If everyone had access to clean, affordable energy, the road to a carbon-neutral world-net zero emissions by 2050 would be faster. This explains the motivation behind launch of a roadmap for clean energy transition by UN to address the objectives of Sustainable Development Goal 7: to ensure access to affordable, reliable, sustainable and modern energy for all.

According to UN Global Roadmap Goals, by 2025 the goal is that 500 million more people will have access to electricity, while 1 billion more people will be able to access clean cooking solutions. To achieve this, $35 billion and $25 billion needs to be invested into improving access to electricity and clean cooking respectively. The UN proposes the creation of 30 million jobs created in renewable energy and energy efficiency doubling to 60 million job by 2030. These will help ensure an inclusive, green recovery by investing in poverty reduction, health, education, and social protection.

This presents great opportunities for first movers in technology, education, and research matters. Financial providers, technology companies, and Universities subject to their strategies and activities will emerge as the biggest gainers when it comes to leveraging on the net zero movements. This however will require technical knowledge and strategic approaches to unlocking the value presented by this ready market.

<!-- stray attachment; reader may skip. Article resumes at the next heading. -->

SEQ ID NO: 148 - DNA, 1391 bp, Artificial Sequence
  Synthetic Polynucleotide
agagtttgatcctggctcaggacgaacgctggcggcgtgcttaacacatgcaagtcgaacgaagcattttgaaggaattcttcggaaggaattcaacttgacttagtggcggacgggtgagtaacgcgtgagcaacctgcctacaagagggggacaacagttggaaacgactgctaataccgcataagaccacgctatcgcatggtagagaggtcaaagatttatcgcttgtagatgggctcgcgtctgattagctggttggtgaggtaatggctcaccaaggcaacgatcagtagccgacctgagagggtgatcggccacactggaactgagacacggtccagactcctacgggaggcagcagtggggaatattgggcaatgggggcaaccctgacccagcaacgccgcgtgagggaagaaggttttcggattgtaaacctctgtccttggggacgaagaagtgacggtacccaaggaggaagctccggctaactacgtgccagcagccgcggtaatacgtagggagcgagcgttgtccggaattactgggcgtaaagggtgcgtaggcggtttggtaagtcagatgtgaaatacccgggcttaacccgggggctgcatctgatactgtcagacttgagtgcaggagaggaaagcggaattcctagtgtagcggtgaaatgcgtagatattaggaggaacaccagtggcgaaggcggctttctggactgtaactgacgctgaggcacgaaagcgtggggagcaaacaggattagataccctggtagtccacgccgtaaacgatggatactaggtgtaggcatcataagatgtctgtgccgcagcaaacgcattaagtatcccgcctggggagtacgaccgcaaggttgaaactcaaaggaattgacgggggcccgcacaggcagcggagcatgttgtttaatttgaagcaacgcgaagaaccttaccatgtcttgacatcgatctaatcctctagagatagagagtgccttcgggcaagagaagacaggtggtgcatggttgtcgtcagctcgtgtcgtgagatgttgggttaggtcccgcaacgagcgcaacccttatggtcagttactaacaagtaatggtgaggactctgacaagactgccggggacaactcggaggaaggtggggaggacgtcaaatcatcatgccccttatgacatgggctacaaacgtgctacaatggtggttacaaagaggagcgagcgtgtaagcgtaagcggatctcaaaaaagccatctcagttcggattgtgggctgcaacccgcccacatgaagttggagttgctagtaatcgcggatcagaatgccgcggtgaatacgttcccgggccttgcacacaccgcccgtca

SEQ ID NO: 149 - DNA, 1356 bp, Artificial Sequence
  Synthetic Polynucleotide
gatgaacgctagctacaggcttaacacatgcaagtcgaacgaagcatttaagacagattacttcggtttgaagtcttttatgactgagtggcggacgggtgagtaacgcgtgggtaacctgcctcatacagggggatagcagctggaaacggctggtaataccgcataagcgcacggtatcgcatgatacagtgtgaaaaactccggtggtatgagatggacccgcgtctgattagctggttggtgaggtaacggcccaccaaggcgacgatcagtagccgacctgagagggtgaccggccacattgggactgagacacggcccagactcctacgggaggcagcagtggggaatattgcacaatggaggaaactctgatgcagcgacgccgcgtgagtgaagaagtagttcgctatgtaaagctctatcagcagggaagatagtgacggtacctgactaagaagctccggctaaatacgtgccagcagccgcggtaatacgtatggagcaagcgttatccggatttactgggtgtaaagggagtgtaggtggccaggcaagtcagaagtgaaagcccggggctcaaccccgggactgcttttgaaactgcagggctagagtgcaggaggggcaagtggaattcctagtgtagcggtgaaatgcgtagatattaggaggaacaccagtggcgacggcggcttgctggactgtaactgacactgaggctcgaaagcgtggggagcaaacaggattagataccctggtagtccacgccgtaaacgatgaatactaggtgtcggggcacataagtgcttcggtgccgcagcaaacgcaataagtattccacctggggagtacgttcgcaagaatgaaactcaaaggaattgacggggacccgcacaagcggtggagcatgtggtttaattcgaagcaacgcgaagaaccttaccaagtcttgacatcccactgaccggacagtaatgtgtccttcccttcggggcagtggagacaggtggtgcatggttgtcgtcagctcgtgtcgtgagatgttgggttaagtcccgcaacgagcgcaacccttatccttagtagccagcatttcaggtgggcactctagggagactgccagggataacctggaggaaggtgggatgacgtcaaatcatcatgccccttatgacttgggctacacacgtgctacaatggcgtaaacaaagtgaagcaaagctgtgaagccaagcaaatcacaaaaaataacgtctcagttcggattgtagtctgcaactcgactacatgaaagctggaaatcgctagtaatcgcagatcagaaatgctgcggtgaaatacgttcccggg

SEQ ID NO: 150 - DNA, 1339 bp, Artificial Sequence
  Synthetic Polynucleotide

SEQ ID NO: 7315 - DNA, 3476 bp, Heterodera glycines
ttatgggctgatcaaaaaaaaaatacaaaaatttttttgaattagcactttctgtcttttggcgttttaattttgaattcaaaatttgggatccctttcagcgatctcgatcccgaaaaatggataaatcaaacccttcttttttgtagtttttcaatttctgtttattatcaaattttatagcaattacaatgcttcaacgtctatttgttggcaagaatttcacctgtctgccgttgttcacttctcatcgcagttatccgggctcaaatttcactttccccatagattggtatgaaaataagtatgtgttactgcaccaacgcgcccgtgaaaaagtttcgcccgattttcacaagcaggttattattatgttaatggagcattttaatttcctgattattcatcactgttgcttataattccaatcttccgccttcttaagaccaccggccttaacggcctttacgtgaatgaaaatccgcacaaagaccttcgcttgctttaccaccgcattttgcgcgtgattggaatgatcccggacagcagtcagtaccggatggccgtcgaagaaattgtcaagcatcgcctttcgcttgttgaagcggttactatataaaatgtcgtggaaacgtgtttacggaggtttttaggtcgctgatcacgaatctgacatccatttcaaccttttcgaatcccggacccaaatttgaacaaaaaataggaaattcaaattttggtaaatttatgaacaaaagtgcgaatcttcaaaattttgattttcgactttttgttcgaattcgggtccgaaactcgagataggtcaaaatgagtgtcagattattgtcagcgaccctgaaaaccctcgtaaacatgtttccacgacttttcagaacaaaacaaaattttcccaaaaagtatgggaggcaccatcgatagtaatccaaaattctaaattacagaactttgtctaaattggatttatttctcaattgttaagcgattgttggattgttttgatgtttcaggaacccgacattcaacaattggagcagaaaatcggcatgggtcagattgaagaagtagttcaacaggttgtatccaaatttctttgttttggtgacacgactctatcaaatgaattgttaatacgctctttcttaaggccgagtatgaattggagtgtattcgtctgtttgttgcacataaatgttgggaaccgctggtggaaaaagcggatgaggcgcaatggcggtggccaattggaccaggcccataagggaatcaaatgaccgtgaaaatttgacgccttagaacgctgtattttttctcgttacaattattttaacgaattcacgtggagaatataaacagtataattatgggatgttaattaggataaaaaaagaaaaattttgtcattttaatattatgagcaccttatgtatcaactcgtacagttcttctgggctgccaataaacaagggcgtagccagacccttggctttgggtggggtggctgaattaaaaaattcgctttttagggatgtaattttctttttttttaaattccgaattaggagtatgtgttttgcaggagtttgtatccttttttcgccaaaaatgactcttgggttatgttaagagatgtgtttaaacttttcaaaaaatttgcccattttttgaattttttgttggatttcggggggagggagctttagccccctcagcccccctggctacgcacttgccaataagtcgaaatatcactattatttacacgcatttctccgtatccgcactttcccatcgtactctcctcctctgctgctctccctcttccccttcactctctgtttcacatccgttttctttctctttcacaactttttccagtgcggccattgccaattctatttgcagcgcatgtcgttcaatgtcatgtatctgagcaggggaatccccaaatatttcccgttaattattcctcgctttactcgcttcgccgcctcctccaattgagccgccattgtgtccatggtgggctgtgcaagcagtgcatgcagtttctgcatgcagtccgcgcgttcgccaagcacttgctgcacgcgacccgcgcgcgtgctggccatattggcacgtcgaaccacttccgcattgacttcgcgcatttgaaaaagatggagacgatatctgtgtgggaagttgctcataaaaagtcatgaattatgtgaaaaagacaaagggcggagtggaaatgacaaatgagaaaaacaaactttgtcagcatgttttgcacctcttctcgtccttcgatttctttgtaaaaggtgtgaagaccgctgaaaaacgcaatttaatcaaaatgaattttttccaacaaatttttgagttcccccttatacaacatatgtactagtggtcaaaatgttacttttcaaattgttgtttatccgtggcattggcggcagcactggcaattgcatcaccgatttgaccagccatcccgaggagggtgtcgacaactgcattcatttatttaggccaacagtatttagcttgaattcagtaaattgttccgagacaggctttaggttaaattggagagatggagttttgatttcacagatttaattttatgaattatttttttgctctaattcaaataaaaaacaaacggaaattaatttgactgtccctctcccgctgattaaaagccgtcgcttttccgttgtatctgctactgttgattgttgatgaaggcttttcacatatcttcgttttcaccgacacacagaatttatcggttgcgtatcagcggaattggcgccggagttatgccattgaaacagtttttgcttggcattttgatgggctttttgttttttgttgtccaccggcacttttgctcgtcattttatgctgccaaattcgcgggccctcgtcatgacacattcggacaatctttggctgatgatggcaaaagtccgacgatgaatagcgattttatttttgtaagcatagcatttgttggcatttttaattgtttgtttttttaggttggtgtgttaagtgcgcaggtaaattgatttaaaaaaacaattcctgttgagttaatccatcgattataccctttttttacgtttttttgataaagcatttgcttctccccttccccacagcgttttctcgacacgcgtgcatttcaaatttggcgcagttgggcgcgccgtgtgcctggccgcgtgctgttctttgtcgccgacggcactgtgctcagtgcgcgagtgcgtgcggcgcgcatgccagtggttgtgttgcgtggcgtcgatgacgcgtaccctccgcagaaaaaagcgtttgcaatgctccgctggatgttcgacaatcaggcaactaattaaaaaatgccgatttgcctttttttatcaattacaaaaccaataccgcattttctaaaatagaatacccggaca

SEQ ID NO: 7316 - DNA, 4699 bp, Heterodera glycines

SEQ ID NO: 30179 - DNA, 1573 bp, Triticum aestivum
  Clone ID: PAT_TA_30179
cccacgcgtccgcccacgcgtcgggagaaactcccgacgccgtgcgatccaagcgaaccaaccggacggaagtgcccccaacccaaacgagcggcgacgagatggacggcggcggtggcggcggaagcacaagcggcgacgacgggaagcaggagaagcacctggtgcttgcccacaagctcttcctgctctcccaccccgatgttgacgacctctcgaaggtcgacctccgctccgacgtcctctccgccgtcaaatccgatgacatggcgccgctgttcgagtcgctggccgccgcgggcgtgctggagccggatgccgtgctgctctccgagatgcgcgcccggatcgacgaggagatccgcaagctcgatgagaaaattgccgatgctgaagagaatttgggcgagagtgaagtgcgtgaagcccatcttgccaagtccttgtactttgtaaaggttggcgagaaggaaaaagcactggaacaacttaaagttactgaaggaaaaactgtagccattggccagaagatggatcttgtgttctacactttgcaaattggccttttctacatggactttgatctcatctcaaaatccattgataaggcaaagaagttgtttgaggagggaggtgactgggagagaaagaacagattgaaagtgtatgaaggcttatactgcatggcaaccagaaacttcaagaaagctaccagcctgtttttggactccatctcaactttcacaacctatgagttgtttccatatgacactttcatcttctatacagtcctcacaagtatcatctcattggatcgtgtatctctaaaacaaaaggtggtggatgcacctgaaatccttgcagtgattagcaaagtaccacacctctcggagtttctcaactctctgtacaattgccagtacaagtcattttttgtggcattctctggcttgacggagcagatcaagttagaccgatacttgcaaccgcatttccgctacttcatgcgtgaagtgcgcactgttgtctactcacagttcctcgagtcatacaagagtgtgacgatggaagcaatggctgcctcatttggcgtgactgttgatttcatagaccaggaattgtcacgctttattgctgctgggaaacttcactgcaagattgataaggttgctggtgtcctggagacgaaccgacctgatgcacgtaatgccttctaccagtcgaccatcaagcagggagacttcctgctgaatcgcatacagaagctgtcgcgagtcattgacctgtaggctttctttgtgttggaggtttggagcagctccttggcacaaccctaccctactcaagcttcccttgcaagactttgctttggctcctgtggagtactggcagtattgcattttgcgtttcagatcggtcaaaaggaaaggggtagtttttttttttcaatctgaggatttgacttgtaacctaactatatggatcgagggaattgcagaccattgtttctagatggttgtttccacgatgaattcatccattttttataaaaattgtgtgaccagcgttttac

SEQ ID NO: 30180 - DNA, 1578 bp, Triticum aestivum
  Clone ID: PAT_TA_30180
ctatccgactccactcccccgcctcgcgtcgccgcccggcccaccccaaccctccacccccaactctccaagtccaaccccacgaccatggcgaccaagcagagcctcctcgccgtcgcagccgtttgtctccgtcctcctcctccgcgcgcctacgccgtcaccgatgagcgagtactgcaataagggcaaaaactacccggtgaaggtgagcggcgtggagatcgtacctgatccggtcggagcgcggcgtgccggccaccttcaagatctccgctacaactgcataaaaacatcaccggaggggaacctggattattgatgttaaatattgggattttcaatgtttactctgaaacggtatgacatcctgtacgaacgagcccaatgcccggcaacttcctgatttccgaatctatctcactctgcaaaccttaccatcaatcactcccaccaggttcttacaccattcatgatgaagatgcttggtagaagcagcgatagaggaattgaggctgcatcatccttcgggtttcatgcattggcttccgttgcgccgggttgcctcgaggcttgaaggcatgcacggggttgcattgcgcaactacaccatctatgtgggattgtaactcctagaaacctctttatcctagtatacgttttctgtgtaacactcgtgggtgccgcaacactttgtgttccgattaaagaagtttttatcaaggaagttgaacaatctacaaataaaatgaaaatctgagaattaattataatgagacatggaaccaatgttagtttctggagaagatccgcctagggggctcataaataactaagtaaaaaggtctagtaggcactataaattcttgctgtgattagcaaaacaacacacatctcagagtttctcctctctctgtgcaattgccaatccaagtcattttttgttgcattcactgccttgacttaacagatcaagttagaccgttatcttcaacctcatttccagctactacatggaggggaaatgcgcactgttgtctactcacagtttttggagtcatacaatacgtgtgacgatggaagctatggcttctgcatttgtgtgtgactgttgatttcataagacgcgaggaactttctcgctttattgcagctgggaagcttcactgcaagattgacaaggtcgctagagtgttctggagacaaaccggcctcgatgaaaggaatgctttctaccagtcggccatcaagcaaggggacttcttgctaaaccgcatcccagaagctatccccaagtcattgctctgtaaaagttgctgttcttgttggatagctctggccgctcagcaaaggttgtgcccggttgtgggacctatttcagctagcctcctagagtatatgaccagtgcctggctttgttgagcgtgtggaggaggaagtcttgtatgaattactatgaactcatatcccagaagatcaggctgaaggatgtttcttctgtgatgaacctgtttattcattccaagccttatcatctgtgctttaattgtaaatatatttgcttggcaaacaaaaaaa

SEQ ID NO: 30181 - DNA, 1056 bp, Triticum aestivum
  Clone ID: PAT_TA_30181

How can the world move towards net zero?

The good news is that the technology exists to reach net zero-and it’s affordable.

The basic ingredient of achieving net zero is powering economies with clean energy, and replacing polluting coal, gas, and oil-powered stations with renewable energy sources such as wind or solar farms. This will act as a much-needed software to turn around and will dramatically reduce carbon emissions. The beauty of renewable energy is not only cleaner but much cheaper than fossil fuels.

A comprehensive introduction of electric transport coupled with renewable energy will contribute greatly to the world’s efforts to lower emissions. This will have an added bonus to reducing the devastating levels of air pollution in major cities. The appetite and culture of electric vehicles is quickly been embraced across the globe. They are becoming cheaper and more efficient and preferred breed by governments and organizations. Nations as well as those committed to net zero have proposed plans to phase out the sale of fossil fuel-powered vehicles.

The introduction of biogas technology in the agricultural and livestock sectors is playing a critical role to reduce significant levels of methane, a greenhouse gas in the atmosphere.

Efforts by Corporates and the government to introduce tree planting programs as the quickest means of absorbing greenhouse gases from the atmosphere signal a good intention to reach the goal bust must be backed by swift and enterprising action.

Dr. Edward Mungai
Dr. Edward Mungai
The writer, Dr. Edward Mungai, is a global sustainability expert. He is the Lead Consultant and Partner at Impact Africa Consulting Ltd (IACL), a leading sustainability and strategy advisory in Africa. He is also the Chief Editor at Africa Sustainability Matters. He can be contacted via